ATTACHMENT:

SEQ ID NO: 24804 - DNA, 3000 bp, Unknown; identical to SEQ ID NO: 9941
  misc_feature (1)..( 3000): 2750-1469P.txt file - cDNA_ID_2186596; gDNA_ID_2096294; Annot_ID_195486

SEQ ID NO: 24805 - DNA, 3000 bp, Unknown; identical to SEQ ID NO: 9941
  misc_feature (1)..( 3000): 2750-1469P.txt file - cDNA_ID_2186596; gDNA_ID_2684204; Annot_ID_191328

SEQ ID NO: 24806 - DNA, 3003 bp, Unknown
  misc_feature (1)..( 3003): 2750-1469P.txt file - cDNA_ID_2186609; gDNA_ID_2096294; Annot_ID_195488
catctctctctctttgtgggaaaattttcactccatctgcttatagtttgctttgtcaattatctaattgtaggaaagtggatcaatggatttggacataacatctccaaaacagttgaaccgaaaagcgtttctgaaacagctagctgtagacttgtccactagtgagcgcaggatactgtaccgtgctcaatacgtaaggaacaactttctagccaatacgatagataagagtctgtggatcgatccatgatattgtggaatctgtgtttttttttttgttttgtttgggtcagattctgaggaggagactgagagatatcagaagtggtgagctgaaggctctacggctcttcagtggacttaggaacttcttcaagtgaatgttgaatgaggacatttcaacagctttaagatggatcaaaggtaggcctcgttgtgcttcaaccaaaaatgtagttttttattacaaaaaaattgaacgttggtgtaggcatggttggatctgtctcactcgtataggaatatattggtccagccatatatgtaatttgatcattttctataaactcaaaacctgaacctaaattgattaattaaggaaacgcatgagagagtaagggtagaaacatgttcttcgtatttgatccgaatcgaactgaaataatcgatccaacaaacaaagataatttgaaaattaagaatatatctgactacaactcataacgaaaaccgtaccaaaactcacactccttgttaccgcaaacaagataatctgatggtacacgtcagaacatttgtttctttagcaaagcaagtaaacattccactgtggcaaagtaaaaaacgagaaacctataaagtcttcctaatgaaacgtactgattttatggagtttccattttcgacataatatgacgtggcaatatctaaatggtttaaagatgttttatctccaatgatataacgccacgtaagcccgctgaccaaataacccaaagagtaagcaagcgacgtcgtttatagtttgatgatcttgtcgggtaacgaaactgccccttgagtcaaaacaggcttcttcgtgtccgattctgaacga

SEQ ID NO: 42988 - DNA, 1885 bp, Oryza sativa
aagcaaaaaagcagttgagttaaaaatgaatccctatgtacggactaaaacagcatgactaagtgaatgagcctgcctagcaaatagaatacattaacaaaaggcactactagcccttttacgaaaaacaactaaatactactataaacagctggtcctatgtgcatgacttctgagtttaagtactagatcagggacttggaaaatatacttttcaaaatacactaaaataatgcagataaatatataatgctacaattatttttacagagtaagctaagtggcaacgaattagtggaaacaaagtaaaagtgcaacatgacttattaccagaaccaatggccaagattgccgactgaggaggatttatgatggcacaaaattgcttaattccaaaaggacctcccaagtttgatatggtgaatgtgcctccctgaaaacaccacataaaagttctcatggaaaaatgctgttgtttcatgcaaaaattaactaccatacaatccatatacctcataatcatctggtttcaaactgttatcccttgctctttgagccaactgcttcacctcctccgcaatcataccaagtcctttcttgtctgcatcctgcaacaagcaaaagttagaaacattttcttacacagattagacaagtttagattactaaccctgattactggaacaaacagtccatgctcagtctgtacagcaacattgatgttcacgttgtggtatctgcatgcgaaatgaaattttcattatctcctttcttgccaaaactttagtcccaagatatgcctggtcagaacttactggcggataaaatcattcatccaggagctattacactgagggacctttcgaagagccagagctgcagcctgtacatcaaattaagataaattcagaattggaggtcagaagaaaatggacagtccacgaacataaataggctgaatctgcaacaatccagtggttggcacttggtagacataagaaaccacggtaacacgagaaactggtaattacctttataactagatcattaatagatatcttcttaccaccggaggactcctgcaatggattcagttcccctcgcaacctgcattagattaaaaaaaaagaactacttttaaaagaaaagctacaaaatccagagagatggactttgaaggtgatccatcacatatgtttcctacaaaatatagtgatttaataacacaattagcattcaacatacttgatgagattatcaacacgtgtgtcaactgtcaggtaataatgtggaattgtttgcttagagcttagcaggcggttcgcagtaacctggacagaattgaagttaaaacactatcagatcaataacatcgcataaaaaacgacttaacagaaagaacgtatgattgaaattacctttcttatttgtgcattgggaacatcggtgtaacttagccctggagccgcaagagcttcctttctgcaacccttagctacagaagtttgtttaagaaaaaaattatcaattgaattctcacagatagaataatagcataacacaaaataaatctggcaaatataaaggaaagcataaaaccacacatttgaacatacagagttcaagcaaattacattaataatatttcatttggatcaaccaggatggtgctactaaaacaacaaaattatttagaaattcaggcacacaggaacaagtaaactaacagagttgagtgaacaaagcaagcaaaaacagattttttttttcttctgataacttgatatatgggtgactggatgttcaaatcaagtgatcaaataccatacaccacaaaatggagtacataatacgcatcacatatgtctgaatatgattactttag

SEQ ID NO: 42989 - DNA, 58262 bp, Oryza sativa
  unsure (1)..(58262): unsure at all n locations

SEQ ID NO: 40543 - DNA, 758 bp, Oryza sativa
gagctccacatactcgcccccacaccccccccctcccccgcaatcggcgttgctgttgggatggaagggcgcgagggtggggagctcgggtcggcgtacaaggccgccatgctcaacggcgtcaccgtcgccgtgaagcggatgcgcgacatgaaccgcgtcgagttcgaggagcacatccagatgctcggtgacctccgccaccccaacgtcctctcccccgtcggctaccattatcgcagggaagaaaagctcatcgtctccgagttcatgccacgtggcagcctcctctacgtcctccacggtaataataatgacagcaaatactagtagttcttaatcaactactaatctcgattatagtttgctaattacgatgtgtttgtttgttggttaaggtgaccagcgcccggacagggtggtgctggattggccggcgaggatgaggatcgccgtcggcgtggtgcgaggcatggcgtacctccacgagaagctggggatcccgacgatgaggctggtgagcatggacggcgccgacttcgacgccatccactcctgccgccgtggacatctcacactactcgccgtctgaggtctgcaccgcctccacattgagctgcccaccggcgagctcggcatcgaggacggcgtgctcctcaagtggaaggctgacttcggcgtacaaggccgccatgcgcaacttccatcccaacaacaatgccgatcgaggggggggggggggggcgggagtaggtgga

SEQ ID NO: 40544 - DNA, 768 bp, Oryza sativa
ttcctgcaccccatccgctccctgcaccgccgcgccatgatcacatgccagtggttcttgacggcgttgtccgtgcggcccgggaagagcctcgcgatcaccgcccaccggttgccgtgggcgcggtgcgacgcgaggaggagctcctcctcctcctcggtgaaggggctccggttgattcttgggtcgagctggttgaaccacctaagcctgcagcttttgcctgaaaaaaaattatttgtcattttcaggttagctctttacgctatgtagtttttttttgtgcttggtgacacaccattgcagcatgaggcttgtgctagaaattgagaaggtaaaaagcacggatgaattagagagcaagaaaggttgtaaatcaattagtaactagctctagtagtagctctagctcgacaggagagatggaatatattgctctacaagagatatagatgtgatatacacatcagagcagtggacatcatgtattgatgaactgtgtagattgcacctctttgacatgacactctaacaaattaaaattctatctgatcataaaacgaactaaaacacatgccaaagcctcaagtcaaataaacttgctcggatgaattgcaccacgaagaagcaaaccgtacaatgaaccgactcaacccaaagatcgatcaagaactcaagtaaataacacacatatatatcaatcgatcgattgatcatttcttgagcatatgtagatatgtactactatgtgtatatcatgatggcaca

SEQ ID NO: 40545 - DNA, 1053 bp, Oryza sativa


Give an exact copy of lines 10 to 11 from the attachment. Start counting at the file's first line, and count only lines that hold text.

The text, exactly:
SEQ ID NO: 42989 - DNA, 58262 bp, Oryza sativa
  unsure (1)..(58262): unsure at all n locations